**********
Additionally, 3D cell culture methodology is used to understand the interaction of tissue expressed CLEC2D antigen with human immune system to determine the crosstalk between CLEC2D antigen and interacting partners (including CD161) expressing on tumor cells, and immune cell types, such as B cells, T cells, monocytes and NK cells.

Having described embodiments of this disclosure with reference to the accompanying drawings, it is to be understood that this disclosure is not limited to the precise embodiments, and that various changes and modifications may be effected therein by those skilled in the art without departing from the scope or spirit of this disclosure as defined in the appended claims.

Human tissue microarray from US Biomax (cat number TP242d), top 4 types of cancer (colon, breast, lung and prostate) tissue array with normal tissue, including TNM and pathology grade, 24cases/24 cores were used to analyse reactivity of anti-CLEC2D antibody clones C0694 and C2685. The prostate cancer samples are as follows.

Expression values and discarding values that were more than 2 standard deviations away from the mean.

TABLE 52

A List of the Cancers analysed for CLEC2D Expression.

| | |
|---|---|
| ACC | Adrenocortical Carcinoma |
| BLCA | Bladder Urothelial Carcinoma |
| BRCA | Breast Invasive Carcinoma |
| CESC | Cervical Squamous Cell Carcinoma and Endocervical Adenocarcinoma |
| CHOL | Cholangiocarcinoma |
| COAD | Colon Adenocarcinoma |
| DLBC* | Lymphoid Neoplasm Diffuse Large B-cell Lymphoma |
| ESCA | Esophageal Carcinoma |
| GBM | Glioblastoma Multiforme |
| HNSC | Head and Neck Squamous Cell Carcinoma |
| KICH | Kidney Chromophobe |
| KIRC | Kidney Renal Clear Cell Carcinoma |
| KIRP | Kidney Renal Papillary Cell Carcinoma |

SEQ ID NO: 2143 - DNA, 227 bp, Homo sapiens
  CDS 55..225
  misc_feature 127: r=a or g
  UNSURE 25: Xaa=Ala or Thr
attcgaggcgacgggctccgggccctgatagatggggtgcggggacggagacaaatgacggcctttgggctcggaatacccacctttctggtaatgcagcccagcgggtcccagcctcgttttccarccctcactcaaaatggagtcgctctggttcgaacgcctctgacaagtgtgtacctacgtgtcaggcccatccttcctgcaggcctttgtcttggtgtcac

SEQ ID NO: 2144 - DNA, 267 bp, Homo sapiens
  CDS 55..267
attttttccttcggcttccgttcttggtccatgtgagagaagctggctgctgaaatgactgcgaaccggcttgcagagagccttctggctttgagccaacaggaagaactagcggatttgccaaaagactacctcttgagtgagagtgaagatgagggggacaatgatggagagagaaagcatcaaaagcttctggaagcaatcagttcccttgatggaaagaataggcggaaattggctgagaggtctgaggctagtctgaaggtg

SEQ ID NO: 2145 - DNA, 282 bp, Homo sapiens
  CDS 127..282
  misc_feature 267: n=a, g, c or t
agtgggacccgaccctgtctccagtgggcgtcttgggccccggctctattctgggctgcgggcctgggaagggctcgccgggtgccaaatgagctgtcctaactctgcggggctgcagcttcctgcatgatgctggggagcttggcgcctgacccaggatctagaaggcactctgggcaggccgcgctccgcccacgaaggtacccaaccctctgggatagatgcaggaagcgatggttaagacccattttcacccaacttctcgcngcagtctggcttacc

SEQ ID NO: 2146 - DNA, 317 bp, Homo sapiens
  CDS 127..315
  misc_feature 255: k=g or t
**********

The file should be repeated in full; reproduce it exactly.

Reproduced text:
Additionally, 3D cell culture methodology is used to understand the interaction of tissue expressed CLEC2D antigen with human immune system to determine the crosstalk between CLEC2D antigen and interacting partners (including CD161) expressing on tumor cells, and immune cell types, such as B cells, T cells, monocytes and NK cells.

Having described embodiments of this disclosure with reference to the accompanying drawings, it is to be understood that this disclosure is not limited to the precise embodiments, and that various changes and modifications may be effected therein by those skilled in the art without departing from the scope or spirit of this disclosure as defined in the appended claims.

Human tissue microarray from US Biomax (cat number TP242d), top 4 types of cancer (colon, breast, lung and prostate) tissue array with normal tissue, including TNM and pathology grade, 24cases/24 cores were used to analyse reactivity of anti-CLEC2D antibody clones C0694 and C2685. The prostate cancer samples are as follows.

Expression values and discarding values that were more than 2 standard deviations away from the mean.

TABLE 52

A List of the Cancers analysed for CLEC2D Expression.

| | |
|---|---|
| ACC | Adrenocortical Carcinoma |
| BLCA | Bladder Urothelial Carcinoma |
| BRCA | Breast Invasive Carcinoma |
| CESC | Cervical Squamous Cell Carcinoma and Endocervical Adenocarcinoma |
| CHOL | Cholangiocarcinoma |
| COAD | Colon Adenocarcinoma |
| DLBC* | Lymphoid Neoplasm Diffuse Large B-cell Lymphoma |
| ESCA | Esophageal Carcinoma |
| GBM | Glioblastoma Multiforme |
| HNSC | Head and Neck Squamous Cell Carcinoma |
| KICH | Kidney Chromophobe |
| KIRC | Kidney Renal Clear Cell Carcinoma |
| KIRP | Kidney Renal Papillary Cell Carcinoma |

SEQ ID NO: 2143 - DNA, 227 bp, Homo sapiens
  CDS 55..225
  misc_feature 127: r=a or g
  UNSURE 25: Xaa=Ala or Thr
attcgaggcgacgggctccgggccctgatagatggggtgcggggacggagacaaatgacggcctttgggctcggaatacccacctttctggtaatgcagcccagcgggtcccagcctcgttttccarccctcactcaaaatggagtcgctctggttcgaacgcctctgacaagtgtgtacctacgtgtcaggcccatccttcctgcaggcctttgtcttggtgtcac

SEQ ID NO: 2144 - DNA, 267 bp, Homo sapiens
  CDS 55..267
attttttccttcggcttccgttcttggtccatgtgagagaagctggctgctgaaatgactgcgaaccggcttgcagagagccttctggctttgagccaacaggaagaactagcggatttgccaaaagactacctcttgagtgagagtgaagatgagggggacaatgatggagagagaaagcatcaaaagcttctggaagcaatcagttcccttgatggaaagaataggcggaaattggctgagaggtctgaggctagtctgaaggtg

SEQ ID NO: 2145 - DNA, 282 bp, Homo sapiens
  CDS 127..282
  misc_feature 267: n=a, g, c or t
agtgggacccgaccctgtctccagtgggcgtcttgggccccggctctattctgggctgcgggcctgggaagggctcgccgggtgccaaatgagctgtcctaactctgcggggctgcagcttcctgcatgatgctggggagcttggcgcctgacccaggatctagaaggcactctgggcaggccgcgctccgcccacgaaggtacccaaccctctgggatagatgcaggaagcgatggttaagacccattttcacccaacttctcgcngcagtctggcttacc

SEQ ID NO: 2146 - DNA, 317 bp, Homo sapiens
  CDS 127..315
  misc_feature 255: k=g or t